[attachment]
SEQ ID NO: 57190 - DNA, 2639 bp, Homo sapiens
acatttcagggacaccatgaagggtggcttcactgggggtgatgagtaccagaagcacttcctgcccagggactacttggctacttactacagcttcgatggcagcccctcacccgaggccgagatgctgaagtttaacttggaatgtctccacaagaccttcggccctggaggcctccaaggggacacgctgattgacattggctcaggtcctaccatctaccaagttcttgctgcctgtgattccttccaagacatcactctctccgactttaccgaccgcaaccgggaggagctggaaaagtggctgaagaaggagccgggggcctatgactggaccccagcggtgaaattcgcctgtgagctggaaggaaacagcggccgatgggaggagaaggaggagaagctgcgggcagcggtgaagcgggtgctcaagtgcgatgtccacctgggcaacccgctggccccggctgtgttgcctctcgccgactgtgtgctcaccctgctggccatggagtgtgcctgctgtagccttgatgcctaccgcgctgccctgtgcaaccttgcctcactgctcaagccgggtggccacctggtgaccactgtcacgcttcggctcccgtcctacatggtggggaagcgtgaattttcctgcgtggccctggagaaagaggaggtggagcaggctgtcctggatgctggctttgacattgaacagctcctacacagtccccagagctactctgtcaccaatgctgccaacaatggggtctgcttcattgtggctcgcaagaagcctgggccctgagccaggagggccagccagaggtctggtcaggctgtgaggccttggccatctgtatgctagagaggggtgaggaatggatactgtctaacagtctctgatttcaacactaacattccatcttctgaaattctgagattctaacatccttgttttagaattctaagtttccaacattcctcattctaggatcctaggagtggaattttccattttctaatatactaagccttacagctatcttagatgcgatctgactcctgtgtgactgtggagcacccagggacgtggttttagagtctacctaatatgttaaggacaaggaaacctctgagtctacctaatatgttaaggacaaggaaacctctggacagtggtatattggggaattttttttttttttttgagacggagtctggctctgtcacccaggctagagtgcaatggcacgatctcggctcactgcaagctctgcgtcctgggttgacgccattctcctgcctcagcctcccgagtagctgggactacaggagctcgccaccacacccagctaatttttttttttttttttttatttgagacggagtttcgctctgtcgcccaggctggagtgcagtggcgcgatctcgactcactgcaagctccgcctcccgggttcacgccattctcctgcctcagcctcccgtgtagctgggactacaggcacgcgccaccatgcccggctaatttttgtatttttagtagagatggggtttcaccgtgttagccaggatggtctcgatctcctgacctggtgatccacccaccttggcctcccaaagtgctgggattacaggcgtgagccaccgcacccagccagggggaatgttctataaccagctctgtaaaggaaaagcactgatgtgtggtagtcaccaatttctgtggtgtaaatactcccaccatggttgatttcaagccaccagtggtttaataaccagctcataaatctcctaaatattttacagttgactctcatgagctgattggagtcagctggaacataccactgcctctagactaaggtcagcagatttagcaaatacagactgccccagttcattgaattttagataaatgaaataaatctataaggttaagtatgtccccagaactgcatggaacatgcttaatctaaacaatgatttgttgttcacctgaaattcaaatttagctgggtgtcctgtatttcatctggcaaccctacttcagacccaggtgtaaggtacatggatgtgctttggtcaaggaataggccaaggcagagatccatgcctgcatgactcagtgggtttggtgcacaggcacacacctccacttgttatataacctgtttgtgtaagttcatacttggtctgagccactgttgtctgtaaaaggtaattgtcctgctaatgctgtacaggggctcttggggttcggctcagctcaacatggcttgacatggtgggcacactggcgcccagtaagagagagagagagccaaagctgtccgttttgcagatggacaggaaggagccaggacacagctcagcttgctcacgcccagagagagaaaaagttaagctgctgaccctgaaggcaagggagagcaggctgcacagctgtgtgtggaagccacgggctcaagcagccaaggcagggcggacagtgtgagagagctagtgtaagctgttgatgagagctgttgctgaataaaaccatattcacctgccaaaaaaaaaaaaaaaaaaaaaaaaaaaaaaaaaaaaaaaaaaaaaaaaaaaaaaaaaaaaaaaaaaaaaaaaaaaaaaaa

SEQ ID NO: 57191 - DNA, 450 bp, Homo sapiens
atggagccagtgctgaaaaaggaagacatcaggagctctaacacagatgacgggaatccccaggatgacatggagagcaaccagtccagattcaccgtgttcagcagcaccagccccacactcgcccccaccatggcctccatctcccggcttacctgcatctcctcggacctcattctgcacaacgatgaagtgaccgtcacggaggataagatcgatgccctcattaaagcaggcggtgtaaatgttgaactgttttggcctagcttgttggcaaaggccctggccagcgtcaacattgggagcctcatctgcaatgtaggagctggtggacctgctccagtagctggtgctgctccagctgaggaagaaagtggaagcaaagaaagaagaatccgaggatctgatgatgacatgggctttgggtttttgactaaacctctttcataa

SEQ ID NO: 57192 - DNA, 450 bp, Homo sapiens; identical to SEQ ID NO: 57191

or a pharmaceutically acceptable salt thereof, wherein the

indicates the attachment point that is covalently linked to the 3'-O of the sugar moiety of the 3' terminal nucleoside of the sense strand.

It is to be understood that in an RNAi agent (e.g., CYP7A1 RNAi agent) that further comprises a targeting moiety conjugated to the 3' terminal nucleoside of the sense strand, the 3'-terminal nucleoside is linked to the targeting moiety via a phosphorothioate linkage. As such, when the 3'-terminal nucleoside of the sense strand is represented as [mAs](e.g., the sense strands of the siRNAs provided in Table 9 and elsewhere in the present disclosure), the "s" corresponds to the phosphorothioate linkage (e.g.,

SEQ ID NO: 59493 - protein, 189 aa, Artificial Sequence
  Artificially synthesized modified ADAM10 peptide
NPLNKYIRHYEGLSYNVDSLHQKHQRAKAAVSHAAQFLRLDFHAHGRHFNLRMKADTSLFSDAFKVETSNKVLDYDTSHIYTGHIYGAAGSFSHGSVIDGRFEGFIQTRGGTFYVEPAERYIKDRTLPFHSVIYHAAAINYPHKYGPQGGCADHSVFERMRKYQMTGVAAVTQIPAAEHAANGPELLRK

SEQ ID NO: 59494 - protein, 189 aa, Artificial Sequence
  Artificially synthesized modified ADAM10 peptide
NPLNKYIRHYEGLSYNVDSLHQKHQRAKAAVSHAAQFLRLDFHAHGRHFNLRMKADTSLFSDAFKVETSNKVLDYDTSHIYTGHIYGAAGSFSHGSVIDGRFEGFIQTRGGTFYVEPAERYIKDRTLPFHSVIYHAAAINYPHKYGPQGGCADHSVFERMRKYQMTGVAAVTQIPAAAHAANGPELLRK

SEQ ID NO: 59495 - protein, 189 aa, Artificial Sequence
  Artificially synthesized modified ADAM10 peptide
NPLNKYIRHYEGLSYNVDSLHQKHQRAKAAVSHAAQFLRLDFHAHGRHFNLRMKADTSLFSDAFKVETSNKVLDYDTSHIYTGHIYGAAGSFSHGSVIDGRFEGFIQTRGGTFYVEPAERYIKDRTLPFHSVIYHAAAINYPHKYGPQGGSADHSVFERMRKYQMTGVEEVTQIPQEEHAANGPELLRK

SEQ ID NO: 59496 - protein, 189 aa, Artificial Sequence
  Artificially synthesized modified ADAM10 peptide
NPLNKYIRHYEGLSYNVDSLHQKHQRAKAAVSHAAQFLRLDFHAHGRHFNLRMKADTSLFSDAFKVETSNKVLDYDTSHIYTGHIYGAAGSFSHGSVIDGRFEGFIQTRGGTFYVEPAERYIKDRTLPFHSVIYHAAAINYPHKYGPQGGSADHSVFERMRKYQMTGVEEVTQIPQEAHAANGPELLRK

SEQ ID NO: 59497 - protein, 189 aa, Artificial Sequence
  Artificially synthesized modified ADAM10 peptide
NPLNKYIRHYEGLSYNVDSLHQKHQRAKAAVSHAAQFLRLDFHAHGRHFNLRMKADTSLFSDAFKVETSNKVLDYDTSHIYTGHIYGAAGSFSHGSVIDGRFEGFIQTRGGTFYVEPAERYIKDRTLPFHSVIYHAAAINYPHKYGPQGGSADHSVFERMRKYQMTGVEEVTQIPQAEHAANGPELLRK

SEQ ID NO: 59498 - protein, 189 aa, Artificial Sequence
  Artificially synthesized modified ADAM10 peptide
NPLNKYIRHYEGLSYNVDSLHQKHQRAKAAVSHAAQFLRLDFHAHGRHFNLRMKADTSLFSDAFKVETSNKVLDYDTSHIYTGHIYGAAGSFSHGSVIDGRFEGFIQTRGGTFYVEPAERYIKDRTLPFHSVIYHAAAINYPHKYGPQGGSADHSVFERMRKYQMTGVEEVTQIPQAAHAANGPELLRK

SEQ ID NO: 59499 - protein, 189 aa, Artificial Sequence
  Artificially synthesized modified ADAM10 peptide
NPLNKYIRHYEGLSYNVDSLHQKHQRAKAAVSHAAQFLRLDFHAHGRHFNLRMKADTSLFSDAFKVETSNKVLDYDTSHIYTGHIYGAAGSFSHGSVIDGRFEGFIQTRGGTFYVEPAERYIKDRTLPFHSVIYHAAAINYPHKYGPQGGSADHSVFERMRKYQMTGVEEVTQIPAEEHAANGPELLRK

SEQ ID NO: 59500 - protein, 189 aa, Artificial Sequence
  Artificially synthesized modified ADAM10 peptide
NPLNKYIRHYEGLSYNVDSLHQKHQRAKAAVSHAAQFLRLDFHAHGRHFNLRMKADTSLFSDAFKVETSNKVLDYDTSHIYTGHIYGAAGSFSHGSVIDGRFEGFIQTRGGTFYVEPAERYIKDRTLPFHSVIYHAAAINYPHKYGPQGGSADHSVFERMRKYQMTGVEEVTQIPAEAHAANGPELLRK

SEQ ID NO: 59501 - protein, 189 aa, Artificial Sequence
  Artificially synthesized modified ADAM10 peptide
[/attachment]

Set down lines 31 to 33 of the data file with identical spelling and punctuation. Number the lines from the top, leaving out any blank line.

  Artificially synthesized modified ADAM10 peptide
NPLNKYIRHYEGLSYNVDSLHQKHQRAKAAVSHAAQFLRLDFHAHGRHFNLRMKADTSLFSDAFKVETSNKVLDYDTSHIYTGHIYGAAGSFSHGSVIDGRFEGFIQTRGGTFYVEPAERYIKDRTLPFHSVIYHAAAINYPHKYGPQGGSADHSVFERMRKYQMTGVEEVTQIPAEAHAANGPELLRK

SEQ ID NO: 59501 - protein, 189 aa, Artificial Sequence